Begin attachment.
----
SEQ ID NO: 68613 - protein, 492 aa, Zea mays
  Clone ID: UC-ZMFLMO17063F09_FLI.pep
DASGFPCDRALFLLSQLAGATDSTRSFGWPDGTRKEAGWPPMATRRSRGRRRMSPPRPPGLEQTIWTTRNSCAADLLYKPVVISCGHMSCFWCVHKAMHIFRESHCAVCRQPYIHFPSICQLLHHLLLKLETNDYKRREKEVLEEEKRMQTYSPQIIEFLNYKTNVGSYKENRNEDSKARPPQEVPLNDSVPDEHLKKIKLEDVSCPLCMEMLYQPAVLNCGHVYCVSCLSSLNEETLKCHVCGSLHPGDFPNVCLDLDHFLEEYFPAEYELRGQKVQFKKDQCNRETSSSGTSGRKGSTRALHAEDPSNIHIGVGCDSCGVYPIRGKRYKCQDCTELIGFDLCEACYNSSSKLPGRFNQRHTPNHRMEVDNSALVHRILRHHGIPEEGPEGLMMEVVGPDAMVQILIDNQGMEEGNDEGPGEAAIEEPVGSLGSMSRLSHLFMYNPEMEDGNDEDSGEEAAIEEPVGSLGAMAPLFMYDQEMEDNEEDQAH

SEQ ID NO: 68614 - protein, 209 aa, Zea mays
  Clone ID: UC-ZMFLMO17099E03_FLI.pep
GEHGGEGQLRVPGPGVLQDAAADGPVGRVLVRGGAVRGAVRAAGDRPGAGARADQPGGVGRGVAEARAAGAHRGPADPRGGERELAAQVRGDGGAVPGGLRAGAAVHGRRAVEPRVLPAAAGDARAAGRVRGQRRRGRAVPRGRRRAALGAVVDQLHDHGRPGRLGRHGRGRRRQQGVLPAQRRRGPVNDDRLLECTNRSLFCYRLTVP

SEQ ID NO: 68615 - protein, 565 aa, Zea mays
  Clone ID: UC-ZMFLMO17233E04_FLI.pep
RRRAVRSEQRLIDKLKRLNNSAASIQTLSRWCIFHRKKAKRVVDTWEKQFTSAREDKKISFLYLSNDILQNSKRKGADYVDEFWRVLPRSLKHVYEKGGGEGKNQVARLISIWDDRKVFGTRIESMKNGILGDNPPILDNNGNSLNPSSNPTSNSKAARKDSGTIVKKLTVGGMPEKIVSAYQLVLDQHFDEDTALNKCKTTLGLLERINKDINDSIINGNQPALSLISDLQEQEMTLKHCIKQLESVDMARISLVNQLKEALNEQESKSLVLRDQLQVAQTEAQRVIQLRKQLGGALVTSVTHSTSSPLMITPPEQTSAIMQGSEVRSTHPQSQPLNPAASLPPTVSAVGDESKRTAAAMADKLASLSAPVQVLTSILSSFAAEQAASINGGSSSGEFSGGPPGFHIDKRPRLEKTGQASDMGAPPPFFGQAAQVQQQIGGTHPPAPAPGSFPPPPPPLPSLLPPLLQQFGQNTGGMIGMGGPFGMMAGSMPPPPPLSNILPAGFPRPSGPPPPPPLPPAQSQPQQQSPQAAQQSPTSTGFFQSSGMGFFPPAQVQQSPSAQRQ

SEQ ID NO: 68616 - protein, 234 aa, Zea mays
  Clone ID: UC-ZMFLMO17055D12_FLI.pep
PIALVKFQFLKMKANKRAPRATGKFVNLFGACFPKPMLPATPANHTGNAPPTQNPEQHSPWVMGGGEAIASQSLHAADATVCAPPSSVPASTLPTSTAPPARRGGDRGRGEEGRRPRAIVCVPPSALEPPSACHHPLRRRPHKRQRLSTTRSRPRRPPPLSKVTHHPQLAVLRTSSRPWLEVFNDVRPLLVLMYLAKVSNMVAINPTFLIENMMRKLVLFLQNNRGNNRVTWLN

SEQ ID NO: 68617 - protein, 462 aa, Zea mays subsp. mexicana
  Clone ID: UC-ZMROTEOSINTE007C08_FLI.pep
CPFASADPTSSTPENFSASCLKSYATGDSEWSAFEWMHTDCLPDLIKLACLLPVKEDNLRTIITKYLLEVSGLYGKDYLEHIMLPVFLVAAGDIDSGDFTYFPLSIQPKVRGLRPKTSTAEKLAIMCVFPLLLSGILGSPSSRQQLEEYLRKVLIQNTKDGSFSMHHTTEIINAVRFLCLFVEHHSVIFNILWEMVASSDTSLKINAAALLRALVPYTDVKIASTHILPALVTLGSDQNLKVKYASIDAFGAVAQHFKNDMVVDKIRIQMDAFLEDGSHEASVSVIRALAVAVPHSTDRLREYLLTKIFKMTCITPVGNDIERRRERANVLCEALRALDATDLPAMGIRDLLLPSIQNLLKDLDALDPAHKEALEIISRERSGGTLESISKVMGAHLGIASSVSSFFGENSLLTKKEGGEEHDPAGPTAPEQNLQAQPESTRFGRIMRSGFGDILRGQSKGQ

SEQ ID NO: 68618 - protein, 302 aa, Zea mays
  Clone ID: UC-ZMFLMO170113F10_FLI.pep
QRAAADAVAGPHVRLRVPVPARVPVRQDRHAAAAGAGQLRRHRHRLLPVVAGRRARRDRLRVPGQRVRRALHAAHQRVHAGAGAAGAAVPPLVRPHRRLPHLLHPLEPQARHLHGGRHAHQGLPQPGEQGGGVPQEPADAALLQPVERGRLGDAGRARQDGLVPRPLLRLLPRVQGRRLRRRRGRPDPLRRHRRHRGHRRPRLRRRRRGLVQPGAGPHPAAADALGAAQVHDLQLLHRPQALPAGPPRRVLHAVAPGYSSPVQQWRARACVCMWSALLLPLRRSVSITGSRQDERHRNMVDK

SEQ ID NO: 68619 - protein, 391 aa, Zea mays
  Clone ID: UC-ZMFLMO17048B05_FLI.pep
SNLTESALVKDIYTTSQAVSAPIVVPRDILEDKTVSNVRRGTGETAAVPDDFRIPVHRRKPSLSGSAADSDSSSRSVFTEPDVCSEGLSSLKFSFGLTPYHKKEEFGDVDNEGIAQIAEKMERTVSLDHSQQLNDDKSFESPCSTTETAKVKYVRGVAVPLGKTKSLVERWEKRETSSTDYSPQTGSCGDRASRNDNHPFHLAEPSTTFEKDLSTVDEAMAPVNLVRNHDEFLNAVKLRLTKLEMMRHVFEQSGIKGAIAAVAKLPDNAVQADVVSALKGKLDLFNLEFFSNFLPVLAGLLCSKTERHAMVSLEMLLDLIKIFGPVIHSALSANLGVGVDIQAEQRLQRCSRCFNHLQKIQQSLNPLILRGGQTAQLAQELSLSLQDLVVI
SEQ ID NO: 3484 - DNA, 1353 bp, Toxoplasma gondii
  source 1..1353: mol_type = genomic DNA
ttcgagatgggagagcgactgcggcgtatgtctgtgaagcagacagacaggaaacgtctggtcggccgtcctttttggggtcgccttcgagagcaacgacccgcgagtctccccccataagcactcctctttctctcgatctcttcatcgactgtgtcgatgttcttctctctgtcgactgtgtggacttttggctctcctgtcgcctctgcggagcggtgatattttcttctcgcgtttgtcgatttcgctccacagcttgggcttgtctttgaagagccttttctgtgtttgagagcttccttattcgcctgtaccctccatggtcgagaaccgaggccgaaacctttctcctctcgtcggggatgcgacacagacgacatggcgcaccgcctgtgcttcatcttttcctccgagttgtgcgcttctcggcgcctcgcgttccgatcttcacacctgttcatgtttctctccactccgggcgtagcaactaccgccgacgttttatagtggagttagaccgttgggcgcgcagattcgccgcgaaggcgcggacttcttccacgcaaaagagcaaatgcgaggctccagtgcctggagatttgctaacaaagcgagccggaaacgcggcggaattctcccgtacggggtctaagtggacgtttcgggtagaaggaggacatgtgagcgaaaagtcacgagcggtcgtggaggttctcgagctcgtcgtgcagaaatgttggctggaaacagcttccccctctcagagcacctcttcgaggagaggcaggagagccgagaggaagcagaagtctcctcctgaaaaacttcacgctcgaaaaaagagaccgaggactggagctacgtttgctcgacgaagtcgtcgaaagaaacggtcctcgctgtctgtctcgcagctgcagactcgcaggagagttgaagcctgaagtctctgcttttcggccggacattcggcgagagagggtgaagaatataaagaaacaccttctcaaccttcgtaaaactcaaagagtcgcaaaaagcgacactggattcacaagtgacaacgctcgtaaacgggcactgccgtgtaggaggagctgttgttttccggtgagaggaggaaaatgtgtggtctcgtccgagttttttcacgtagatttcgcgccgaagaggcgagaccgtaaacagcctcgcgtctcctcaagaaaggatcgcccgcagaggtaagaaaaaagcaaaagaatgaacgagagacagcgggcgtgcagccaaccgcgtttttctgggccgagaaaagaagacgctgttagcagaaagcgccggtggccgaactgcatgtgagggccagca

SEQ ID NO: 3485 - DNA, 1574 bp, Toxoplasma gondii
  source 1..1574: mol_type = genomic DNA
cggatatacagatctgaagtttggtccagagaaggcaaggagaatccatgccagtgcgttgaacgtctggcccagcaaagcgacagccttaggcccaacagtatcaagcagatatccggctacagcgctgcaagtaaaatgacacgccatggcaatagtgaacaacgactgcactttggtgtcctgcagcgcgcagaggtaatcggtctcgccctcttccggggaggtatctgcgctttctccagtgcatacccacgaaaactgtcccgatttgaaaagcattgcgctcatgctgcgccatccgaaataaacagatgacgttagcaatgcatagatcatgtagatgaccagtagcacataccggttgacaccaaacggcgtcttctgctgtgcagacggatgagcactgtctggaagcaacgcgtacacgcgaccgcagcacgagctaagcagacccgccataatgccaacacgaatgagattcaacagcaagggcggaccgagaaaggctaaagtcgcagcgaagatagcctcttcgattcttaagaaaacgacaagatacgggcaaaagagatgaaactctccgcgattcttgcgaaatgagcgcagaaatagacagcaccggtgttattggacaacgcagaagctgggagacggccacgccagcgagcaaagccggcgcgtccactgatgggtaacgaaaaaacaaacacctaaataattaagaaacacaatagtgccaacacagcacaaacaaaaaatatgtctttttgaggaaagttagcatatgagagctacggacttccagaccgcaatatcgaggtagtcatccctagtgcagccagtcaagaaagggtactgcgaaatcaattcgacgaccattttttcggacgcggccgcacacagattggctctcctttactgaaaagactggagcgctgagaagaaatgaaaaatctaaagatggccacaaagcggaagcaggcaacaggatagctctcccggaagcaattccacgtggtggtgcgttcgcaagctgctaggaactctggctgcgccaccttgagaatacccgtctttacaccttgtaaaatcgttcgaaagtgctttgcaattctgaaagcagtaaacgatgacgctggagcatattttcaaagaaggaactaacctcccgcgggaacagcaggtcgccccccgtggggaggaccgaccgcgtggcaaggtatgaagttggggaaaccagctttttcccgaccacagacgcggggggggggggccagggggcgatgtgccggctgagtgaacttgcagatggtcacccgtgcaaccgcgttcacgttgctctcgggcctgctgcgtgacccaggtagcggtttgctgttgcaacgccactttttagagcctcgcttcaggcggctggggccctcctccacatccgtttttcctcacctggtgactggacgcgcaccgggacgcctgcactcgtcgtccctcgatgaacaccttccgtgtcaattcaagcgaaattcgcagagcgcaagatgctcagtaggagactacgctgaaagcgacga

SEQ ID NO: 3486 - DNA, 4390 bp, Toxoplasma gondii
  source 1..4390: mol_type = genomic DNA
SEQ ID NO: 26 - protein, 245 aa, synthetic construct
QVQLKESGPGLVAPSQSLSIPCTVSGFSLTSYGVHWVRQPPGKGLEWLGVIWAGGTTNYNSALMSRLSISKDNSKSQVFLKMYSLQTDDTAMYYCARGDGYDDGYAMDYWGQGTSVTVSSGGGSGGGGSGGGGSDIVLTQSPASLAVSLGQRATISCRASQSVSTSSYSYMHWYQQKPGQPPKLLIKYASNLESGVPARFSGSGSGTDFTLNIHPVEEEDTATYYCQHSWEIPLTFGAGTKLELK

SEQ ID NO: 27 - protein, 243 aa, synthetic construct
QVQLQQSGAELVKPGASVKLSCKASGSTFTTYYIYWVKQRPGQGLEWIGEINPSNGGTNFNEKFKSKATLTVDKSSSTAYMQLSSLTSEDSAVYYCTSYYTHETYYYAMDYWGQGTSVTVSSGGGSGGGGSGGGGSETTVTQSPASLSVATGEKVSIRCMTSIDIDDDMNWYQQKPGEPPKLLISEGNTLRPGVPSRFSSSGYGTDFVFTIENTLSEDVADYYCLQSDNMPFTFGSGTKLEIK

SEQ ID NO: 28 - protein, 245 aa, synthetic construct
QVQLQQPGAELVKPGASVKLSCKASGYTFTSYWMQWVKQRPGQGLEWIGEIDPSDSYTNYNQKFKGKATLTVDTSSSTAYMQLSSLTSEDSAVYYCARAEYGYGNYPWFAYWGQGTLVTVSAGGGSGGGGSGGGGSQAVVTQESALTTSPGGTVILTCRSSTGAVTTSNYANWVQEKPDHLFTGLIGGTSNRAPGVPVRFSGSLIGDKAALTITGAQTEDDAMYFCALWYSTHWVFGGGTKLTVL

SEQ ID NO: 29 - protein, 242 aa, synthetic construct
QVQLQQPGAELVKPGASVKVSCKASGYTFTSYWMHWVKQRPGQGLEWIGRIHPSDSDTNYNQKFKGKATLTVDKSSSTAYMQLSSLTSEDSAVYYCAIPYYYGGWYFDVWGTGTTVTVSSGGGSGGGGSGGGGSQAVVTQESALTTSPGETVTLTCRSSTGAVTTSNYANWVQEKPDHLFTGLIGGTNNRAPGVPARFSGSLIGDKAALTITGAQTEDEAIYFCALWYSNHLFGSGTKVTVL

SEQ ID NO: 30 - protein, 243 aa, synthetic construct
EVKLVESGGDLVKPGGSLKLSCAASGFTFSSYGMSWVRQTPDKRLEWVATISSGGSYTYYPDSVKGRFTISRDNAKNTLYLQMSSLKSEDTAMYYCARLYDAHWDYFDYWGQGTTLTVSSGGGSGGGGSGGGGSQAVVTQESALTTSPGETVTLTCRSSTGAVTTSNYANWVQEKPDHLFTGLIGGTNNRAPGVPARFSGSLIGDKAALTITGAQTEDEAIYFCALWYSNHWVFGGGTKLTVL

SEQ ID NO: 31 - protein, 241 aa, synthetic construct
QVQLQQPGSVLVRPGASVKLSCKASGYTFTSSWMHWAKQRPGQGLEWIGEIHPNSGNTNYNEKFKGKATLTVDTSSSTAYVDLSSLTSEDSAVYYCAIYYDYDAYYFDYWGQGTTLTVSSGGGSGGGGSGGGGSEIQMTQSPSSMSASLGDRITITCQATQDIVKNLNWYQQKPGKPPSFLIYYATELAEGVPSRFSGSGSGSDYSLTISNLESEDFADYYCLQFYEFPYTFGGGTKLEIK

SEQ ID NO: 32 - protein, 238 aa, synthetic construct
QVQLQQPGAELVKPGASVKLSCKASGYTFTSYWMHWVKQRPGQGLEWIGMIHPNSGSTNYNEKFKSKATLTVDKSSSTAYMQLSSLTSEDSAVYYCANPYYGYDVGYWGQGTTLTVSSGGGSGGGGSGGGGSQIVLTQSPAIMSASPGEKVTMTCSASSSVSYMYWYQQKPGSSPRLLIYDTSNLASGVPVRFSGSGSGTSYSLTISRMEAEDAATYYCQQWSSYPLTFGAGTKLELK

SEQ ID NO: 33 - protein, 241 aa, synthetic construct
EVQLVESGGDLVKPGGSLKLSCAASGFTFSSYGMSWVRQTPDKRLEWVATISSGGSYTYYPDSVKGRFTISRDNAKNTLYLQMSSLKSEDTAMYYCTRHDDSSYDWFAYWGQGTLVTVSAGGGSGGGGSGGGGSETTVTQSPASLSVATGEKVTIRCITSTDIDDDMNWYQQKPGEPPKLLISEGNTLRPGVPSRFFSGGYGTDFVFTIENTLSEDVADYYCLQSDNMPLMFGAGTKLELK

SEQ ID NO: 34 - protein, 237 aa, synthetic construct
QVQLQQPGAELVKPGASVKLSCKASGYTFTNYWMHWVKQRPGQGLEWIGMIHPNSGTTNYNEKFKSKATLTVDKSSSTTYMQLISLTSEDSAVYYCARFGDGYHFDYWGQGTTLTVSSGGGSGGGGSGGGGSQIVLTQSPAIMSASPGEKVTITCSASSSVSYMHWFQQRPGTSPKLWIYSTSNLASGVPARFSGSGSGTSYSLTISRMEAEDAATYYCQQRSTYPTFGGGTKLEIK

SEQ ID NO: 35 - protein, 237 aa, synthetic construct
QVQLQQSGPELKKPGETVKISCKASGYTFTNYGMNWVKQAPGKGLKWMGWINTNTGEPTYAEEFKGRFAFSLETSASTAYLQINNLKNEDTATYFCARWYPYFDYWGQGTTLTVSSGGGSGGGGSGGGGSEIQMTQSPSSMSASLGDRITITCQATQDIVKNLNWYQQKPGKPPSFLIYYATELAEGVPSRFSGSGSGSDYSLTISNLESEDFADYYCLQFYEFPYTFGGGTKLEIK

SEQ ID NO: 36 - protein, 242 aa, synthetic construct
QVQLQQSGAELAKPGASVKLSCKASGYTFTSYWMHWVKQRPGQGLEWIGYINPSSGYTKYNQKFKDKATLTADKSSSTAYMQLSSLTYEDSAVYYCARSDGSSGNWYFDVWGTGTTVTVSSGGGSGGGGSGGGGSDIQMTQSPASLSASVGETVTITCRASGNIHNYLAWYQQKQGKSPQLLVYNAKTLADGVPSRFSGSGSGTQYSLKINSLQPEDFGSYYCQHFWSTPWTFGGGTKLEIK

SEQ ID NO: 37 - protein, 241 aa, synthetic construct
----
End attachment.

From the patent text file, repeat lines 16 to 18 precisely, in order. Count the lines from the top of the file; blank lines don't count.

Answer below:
SEQ ID NO: 68618 - protein, 302 aa, Zea mays
  Clone ID: UC-ZMFLMO170113F10_FLI.pep
QRAAADAVAGPHVRLRVPVPARVPVRQDRHAAAAGAGQLRRHRHRLLPVVAGRRARRDRLRVPGQRVRRALHAAHQRVHAGAGAAGAAVPPLVRPHRRLPHLLHPLEPQARHLHGGRHAHQGLPQPGEQGGGVPQEPADAALLQPVERGRLGDAGRARQDGLVPRPLLRLLPRVQGRRLRRRRGRPDPLRRHRRHRGHRRPRLRRRRRGLVQPGAGPHPAAADALGAAQVHDLQLLHRPQALPAGPPRRVLHAVAPGYSSPVQQWRARACVCMWSALLLPLRRSVSITGSRQDERHRNMVDK